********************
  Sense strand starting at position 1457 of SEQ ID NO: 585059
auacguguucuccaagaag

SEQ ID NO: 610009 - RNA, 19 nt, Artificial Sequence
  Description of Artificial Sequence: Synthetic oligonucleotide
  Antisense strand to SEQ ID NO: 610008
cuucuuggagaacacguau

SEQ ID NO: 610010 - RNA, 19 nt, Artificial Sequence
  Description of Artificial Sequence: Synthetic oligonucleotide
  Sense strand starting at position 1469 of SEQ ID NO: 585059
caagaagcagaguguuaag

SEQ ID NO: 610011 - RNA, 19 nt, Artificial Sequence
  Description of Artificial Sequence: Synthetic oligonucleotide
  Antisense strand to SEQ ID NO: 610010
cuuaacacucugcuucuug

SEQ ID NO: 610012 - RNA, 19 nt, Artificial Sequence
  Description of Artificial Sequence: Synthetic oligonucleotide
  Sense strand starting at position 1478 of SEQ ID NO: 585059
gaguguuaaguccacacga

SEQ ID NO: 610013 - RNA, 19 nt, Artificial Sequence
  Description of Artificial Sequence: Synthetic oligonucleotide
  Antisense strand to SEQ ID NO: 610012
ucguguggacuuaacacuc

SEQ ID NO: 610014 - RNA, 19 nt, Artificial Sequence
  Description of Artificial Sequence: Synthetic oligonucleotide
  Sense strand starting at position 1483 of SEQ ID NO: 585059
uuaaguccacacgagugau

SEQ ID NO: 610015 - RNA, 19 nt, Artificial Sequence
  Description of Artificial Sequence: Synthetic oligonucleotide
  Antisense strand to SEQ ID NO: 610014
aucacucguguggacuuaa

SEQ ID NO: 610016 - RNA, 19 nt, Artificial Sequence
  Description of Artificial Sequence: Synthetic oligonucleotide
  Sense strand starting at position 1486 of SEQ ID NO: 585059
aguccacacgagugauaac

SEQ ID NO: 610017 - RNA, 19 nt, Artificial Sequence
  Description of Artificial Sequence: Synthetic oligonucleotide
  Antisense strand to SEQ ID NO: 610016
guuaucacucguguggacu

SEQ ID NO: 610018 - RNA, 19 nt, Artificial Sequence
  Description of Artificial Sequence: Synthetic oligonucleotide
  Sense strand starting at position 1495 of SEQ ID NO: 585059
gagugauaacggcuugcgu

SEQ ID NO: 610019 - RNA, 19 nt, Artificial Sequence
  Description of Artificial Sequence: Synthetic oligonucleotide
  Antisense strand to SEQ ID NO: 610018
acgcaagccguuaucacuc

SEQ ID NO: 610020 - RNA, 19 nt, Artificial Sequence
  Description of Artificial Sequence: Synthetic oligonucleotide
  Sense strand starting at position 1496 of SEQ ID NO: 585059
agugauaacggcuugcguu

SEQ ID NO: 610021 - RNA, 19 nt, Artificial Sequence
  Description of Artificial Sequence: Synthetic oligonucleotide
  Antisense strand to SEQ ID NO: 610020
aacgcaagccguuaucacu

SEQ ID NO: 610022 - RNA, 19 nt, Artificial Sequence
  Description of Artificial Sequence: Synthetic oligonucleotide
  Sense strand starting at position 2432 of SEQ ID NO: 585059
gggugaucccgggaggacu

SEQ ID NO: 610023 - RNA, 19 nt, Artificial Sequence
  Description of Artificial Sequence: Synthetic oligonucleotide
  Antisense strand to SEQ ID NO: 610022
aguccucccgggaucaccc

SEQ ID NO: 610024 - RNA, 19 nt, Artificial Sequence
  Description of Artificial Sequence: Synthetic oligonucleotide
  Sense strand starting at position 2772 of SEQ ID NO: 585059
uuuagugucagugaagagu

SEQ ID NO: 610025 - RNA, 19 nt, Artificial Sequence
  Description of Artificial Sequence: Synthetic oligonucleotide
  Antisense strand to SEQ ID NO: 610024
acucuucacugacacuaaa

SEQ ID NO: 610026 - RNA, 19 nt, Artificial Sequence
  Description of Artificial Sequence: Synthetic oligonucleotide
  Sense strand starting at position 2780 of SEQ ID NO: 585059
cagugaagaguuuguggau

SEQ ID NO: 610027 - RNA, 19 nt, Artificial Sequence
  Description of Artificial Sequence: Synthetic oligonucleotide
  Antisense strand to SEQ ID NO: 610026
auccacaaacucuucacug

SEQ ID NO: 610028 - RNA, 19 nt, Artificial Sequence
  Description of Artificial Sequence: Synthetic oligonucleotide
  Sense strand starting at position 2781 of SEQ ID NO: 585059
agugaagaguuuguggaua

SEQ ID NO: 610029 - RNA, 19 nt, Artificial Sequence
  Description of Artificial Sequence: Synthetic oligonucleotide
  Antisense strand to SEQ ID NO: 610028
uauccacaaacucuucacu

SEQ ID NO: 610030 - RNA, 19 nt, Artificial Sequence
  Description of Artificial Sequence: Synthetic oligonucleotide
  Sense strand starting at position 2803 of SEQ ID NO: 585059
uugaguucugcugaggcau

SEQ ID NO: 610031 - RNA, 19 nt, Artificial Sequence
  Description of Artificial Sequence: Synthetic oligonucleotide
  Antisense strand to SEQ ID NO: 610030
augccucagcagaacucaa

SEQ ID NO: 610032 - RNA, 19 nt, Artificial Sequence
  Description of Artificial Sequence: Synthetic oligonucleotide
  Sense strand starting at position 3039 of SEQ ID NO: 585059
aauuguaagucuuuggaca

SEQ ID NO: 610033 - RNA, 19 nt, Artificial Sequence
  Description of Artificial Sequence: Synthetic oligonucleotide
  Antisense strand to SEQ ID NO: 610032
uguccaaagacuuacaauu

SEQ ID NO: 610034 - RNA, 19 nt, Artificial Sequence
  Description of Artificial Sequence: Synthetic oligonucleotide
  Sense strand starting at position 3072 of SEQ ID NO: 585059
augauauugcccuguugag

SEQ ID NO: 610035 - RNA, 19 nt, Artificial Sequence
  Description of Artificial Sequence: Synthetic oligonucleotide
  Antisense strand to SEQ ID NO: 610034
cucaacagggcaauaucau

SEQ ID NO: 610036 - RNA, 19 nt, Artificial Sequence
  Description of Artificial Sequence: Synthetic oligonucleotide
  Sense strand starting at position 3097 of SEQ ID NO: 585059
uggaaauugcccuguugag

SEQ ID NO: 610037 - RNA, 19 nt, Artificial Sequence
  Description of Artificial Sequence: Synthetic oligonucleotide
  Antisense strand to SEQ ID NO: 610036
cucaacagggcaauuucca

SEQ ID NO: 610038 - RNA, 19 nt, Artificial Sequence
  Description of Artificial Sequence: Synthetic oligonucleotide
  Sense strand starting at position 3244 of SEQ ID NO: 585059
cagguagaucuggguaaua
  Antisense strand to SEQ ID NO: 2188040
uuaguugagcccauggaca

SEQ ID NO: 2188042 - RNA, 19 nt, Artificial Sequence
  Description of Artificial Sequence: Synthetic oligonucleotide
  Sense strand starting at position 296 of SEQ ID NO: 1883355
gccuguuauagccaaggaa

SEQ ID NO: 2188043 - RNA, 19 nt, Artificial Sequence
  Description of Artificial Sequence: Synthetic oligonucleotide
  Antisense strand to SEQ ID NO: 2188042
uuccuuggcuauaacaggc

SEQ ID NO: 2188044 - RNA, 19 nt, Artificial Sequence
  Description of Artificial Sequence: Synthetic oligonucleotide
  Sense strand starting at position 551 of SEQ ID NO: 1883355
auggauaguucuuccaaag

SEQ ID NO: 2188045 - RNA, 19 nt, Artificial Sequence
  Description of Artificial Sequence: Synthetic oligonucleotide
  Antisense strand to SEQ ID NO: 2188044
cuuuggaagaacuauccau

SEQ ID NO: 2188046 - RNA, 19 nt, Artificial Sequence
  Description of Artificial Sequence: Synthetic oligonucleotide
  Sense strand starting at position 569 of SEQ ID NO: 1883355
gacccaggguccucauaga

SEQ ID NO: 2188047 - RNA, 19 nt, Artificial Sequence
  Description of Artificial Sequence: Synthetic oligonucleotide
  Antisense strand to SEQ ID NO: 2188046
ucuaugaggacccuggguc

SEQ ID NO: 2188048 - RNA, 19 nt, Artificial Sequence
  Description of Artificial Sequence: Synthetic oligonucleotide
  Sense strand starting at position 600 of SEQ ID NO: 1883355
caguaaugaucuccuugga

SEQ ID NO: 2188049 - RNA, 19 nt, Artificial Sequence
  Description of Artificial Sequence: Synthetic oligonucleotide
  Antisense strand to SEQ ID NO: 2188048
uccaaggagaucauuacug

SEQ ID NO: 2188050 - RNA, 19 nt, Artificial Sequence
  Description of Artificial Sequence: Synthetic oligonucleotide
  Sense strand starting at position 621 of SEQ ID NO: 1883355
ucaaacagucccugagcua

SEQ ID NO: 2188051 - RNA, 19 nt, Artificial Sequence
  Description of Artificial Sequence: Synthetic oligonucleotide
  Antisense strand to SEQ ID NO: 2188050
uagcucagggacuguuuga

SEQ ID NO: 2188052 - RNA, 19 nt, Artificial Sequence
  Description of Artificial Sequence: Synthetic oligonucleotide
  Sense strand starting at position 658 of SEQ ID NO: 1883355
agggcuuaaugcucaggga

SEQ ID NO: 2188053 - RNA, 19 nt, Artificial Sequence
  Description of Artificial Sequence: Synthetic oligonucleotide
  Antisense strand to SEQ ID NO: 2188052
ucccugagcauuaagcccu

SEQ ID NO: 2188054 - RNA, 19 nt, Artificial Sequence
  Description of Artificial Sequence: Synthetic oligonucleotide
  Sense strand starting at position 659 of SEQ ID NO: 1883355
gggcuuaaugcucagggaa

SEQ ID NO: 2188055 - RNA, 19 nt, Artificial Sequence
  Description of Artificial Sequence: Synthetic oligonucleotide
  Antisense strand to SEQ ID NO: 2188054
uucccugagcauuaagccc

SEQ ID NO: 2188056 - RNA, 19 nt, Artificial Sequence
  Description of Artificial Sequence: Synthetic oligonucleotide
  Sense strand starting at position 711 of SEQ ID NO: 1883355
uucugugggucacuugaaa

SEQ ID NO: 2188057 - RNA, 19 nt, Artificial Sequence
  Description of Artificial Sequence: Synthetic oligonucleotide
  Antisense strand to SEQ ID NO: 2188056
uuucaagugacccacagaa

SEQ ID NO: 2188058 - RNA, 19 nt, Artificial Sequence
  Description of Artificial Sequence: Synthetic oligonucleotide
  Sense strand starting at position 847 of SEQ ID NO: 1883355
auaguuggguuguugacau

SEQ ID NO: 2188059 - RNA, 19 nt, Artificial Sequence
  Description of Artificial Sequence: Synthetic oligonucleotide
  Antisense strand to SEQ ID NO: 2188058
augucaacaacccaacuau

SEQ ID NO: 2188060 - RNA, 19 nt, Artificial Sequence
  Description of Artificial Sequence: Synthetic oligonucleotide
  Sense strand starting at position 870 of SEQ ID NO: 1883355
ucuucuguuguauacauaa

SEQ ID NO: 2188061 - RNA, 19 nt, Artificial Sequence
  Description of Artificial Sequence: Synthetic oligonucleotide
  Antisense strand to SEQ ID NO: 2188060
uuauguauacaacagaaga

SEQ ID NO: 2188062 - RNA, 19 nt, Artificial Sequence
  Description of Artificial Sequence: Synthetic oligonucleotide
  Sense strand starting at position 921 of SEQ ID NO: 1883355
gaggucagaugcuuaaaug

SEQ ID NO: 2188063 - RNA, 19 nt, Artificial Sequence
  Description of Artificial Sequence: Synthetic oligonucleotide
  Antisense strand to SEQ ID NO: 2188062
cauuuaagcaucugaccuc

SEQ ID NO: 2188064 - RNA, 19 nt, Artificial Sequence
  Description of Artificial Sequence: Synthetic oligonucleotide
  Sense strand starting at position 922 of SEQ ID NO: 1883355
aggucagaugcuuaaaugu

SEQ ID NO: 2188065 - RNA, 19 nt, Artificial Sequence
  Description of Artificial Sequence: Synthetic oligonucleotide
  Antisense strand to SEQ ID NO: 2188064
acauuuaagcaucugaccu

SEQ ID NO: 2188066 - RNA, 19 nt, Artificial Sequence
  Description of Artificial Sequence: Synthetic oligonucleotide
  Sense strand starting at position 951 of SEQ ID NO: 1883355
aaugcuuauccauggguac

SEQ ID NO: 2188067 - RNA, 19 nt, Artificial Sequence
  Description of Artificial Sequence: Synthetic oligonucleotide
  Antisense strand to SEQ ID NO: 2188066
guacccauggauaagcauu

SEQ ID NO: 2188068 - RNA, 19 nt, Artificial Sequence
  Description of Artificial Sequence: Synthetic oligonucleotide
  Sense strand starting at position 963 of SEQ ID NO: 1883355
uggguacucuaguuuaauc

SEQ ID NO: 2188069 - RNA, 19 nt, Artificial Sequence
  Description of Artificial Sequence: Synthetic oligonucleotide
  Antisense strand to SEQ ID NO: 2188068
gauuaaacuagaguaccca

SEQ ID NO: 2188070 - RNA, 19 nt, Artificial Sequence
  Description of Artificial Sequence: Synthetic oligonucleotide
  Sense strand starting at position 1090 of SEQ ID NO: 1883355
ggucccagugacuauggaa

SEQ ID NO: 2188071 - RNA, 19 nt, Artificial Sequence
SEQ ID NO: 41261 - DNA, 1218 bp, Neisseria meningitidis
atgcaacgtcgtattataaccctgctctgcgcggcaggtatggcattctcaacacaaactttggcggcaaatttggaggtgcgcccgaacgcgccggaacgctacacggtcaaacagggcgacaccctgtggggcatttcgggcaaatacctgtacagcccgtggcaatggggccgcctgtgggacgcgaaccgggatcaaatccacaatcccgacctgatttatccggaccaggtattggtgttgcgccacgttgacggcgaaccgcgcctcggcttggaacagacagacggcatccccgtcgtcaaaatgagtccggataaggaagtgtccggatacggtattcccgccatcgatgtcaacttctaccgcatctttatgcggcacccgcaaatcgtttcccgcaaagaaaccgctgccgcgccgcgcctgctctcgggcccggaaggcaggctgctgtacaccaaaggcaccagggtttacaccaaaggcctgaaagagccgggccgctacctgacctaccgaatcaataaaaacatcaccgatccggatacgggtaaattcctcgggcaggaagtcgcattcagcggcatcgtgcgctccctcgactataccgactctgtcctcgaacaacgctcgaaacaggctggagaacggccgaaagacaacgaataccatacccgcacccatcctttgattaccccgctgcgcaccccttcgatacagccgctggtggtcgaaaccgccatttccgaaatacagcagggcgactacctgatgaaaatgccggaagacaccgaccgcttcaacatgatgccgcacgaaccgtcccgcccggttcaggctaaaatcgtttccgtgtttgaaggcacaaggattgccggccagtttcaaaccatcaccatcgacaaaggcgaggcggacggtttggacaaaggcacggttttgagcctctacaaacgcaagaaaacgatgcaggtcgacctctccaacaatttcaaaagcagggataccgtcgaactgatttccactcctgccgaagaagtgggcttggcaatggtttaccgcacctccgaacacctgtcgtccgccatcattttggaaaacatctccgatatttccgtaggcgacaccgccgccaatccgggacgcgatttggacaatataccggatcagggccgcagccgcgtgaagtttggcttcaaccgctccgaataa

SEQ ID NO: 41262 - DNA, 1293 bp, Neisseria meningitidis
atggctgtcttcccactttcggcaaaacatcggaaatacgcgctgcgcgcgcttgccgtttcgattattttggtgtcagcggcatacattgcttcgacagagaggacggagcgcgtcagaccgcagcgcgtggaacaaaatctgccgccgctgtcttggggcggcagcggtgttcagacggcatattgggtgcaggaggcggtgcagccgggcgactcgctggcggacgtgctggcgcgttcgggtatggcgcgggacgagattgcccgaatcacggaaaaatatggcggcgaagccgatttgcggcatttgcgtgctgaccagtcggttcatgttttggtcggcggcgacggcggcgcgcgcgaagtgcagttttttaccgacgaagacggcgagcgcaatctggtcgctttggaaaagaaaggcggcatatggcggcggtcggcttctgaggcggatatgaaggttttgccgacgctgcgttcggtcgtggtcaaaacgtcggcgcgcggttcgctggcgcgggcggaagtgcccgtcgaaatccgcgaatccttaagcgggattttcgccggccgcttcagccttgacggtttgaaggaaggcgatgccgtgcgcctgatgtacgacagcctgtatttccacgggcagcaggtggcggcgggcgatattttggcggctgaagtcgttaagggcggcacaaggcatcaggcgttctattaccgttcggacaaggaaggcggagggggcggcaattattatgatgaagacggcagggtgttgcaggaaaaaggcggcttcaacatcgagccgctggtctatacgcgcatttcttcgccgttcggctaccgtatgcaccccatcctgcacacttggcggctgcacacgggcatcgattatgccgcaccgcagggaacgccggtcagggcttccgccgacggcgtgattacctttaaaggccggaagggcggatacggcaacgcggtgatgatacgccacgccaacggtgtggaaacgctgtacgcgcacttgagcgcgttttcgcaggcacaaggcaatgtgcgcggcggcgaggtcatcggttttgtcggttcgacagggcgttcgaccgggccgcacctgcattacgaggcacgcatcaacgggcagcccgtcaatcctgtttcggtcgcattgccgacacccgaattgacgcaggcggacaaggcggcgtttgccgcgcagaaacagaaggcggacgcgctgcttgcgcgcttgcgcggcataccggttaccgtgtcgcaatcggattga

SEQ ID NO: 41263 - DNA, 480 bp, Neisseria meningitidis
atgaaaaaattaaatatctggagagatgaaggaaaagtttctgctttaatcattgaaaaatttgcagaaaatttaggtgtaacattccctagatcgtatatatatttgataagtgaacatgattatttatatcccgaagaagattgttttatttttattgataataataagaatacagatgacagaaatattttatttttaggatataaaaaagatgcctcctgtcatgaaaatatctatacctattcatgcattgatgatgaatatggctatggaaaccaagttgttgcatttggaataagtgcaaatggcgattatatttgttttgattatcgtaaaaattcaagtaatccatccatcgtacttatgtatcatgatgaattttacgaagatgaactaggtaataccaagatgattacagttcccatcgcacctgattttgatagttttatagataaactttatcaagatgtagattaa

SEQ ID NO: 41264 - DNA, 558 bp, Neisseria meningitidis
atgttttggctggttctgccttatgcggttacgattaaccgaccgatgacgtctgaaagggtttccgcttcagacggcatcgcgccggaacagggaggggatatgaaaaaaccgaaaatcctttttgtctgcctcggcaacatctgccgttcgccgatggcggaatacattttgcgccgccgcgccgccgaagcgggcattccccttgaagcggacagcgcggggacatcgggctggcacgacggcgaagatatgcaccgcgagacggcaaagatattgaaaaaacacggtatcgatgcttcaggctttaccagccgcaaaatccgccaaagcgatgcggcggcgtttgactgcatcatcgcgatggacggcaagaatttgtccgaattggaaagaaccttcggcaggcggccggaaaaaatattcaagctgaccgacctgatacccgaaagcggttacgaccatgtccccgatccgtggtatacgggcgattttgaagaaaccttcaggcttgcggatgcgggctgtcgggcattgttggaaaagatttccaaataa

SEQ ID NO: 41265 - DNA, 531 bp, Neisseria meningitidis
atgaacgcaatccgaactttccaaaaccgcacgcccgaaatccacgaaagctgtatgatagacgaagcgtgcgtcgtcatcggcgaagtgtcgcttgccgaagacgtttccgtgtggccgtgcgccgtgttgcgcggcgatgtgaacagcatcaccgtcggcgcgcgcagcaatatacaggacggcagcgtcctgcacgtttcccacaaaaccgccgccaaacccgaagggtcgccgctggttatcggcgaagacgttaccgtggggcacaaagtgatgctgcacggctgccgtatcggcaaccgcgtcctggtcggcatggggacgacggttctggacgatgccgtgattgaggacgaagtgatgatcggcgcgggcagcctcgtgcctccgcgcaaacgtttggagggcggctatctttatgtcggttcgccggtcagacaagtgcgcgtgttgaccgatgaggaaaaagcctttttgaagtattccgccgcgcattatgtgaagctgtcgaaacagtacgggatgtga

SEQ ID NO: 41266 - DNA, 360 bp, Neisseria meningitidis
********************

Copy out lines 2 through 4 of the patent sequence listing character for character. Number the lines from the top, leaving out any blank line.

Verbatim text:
auacguguucuccaagaag

SEQ ID NO: 610009 - RNA, 19 nt, Artificial Sequence
  Description of Artificial Sequence: Synthetic oligonucleotide